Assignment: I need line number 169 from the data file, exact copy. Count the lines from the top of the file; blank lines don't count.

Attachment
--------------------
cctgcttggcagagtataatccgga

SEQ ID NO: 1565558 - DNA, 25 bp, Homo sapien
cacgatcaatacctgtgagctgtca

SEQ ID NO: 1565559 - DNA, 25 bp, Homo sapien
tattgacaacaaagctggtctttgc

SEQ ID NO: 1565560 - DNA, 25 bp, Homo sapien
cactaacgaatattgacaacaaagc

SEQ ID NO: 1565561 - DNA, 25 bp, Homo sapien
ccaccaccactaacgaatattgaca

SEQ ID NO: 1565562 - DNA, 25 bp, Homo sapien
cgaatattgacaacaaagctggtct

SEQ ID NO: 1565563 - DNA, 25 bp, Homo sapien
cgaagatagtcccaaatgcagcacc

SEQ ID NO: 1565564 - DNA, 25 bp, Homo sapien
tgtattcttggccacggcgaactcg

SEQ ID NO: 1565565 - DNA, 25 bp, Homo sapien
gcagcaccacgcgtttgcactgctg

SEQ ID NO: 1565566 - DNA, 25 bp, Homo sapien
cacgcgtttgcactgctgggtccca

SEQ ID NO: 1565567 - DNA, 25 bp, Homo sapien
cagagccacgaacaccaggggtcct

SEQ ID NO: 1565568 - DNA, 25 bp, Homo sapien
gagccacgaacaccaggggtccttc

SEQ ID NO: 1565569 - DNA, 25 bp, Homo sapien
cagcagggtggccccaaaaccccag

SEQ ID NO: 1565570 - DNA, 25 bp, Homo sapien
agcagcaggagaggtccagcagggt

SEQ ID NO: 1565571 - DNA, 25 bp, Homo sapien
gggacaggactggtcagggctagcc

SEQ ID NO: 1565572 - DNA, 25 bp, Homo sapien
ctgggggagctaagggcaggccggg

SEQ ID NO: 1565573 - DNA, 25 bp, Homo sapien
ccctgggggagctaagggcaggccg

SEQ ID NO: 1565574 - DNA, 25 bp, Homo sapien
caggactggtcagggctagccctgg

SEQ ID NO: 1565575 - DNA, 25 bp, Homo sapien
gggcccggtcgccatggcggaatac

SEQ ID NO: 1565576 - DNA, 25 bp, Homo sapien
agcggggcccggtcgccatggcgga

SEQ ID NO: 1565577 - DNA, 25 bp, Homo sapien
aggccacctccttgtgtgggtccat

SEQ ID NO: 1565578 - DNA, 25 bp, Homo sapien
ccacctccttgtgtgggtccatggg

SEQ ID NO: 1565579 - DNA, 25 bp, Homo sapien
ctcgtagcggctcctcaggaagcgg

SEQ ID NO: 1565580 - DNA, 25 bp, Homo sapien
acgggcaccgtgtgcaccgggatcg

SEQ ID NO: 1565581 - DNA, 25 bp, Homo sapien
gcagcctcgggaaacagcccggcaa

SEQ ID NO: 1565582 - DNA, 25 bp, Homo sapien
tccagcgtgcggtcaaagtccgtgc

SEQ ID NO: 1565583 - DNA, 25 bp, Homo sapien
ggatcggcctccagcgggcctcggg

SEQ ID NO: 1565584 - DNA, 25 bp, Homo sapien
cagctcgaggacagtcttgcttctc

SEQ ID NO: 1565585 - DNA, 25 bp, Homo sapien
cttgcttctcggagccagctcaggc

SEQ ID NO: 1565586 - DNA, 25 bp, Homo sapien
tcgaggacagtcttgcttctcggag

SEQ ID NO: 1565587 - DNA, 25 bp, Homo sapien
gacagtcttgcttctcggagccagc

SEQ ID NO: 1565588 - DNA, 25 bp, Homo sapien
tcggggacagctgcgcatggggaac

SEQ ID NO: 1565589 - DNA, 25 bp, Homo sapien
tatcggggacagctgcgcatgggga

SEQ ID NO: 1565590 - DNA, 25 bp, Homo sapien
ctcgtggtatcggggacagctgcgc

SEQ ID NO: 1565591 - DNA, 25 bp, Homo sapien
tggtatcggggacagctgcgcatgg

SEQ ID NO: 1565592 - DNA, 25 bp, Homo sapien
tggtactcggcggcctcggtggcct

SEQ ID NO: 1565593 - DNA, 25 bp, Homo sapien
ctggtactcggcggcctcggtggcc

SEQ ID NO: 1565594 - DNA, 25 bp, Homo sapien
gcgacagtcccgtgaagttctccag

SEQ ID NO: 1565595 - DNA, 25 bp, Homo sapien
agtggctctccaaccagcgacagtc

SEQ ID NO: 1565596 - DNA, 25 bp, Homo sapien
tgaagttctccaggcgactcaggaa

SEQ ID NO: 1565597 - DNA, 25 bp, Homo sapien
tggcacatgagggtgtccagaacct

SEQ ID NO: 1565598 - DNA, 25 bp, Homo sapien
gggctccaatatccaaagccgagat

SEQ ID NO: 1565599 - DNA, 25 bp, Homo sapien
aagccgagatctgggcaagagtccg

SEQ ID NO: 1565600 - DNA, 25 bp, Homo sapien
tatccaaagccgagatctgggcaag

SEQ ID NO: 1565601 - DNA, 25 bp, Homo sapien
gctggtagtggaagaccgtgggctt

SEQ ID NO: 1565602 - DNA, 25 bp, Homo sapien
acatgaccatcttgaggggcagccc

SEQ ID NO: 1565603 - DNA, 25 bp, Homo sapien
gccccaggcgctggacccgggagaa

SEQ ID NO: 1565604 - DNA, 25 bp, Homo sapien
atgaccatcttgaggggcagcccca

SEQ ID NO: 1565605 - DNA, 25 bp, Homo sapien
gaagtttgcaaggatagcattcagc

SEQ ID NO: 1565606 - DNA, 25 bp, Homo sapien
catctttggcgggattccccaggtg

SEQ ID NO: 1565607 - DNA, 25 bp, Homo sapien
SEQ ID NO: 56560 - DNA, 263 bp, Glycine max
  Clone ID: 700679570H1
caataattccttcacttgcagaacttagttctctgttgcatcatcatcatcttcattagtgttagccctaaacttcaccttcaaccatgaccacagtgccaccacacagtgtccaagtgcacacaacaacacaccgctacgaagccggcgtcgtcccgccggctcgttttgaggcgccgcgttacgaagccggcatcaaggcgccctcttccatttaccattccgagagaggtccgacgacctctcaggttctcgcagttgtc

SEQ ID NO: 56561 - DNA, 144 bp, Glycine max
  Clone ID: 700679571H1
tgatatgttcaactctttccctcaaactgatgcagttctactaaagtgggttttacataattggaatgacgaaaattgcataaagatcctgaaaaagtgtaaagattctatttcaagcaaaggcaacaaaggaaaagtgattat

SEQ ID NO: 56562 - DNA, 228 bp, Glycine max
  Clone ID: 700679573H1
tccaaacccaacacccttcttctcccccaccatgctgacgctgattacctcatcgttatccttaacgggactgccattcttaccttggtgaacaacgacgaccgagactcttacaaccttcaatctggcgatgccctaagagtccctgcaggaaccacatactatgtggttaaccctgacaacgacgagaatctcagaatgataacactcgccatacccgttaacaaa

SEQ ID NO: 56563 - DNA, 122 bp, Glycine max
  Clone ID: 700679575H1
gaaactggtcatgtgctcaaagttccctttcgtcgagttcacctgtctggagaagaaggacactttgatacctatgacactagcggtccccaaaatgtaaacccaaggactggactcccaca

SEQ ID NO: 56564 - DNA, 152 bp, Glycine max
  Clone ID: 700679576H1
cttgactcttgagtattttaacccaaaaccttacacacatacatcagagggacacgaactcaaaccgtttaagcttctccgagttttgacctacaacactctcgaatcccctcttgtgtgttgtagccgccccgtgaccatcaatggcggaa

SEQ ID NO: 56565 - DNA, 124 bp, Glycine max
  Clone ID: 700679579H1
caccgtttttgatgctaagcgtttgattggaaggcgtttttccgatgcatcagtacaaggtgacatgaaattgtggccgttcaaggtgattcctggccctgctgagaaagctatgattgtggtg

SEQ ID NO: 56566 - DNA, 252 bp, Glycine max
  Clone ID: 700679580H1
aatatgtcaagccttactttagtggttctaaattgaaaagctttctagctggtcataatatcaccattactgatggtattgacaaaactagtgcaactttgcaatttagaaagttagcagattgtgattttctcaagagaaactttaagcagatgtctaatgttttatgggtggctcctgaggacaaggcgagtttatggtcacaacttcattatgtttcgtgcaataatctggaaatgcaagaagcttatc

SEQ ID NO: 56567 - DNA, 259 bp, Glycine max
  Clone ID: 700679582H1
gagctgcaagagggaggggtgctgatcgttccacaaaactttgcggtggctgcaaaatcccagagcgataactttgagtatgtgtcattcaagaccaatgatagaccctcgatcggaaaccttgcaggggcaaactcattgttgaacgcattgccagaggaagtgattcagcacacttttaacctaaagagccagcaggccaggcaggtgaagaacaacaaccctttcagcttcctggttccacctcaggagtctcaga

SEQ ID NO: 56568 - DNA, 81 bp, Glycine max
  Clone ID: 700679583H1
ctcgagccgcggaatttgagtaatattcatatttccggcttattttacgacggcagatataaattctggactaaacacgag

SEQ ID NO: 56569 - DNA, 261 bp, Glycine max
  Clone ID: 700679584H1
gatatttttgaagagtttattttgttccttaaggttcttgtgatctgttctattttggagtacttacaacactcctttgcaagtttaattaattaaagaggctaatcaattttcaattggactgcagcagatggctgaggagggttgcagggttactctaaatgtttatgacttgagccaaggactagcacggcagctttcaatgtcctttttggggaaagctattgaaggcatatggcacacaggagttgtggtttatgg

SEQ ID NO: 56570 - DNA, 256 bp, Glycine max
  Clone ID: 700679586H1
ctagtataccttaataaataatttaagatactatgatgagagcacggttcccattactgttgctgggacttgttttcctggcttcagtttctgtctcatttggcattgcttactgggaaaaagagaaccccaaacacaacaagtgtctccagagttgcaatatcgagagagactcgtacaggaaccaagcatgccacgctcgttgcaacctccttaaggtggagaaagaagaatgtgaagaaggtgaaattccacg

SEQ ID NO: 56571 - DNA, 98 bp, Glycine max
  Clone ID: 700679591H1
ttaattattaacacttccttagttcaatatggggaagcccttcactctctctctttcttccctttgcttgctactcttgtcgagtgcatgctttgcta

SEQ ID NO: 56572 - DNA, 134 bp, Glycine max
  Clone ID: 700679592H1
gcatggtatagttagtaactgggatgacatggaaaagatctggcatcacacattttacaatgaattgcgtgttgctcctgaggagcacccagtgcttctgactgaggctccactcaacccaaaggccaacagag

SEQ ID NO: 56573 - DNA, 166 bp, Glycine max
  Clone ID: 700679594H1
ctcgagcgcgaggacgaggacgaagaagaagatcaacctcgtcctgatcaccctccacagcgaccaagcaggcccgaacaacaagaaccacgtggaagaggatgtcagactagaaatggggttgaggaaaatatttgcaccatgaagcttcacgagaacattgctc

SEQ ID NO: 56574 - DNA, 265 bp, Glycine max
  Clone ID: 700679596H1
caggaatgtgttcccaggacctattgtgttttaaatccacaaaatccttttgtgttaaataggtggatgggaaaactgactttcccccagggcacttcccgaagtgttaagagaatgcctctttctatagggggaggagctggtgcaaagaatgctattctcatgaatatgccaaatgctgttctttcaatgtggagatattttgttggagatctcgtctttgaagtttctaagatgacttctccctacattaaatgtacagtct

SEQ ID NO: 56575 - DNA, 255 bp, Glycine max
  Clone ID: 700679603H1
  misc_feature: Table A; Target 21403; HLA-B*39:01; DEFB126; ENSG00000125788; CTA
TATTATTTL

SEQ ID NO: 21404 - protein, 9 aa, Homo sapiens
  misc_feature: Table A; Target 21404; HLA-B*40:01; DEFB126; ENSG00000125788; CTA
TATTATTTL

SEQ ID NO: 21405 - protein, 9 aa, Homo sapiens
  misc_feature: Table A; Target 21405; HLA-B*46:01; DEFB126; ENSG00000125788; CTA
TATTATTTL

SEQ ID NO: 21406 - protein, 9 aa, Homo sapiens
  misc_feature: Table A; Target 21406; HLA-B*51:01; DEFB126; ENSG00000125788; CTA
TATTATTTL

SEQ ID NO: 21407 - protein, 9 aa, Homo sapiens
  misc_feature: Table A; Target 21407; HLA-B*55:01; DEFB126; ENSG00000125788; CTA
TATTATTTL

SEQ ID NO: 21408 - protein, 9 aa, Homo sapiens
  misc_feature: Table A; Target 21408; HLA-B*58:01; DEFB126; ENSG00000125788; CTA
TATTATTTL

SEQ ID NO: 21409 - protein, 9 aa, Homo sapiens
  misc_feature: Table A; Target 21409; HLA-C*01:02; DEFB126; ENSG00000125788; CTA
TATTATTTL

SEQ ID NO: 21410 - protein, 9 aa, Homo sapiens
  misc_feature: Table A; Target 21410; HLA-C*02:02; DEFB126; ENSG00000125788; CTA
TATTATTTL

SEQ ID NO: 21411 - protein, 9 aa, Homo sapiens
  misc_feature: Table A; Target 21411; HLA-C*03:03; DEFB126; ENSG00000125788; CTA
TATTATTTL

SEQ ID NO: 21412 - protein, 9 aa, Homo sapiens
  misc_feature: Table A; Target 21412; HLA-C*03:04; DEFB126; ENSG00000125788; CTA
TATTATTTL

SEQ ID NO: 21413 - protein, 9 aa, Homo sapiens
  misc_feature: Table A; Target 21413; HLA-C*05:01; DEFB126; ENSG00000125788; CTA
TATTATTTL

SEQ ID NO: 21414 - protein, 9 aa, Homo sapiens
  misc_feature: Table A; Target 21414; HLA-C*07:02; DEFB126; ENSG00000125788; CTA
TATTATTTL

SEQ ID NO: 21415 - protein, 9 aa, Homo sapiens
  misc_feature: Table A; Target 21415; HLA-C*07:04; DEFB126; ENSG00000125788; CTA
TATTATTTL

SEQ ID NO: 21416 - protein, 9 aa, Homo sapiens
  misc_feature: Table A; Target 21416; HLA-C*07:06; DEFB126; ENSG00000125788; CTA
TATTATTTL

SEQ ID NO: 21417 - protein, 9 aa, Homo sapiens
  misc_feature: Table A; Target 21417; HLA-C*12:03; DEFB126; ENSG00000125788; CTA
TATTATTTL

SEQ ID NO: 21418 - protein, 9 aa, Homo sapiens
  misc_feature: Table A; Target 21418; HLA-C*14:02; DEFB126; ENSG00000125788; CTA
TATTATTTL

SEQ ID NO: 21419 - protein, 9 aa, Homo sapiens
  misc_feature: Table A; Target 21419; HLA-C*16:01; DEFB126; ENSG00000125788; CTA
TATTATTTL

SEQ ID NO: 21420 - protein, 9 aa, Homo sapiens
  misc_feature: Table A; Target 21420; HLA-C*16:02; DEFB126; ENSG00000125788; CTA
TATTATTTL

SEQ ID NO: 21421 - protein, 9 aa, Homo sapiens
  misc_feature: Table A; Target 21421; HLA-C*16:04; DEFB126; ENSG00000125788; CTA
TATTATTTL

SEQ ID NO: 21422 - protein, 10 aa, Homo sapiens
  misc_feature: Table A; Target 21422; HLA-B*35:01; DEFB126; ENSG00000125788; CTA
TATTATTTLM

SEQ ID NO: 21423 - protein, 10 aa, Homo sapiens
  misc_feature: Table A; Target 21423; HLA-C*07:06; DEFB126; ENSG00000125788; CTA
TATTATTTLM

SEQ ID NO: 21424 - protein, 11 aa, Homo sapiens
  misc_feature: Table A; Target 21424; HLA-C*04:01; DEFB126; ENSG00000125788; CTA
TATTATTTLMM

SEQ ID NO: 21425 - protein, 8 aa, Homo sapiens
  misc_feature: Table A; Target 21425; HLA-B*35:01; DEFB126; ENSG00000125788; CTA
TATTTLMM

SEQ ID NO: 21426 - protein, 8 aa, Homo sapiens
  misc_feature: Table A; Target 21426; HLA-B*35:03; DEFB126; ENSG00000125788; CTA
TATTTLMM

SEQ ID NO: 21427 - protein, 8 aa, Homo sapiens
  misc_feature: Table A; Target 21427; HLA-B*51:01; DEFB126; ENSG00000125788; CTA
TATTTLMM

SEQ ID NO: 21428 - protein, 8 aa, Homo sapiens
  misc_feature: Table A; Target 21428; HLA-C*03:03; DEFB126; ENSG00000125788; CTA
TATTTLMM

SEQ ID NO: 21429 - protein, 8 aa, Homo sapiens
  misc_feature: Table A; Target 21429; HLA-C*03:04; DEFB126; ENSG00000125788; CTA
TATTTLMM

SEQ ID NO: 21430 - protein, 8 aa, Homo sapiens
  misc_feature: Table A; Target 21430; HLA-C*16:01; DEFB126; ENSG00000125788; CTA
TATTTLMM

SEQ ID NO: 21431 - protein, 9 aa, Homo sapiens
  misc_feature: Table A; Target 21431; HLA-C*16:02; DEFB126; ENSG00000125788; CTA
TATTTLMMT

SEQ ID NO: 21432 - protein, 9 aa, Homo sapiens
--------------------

  misc_feature: Table A; Target 21410; HLA-C*02:02; DEFB126; ENSG00000125788; CTA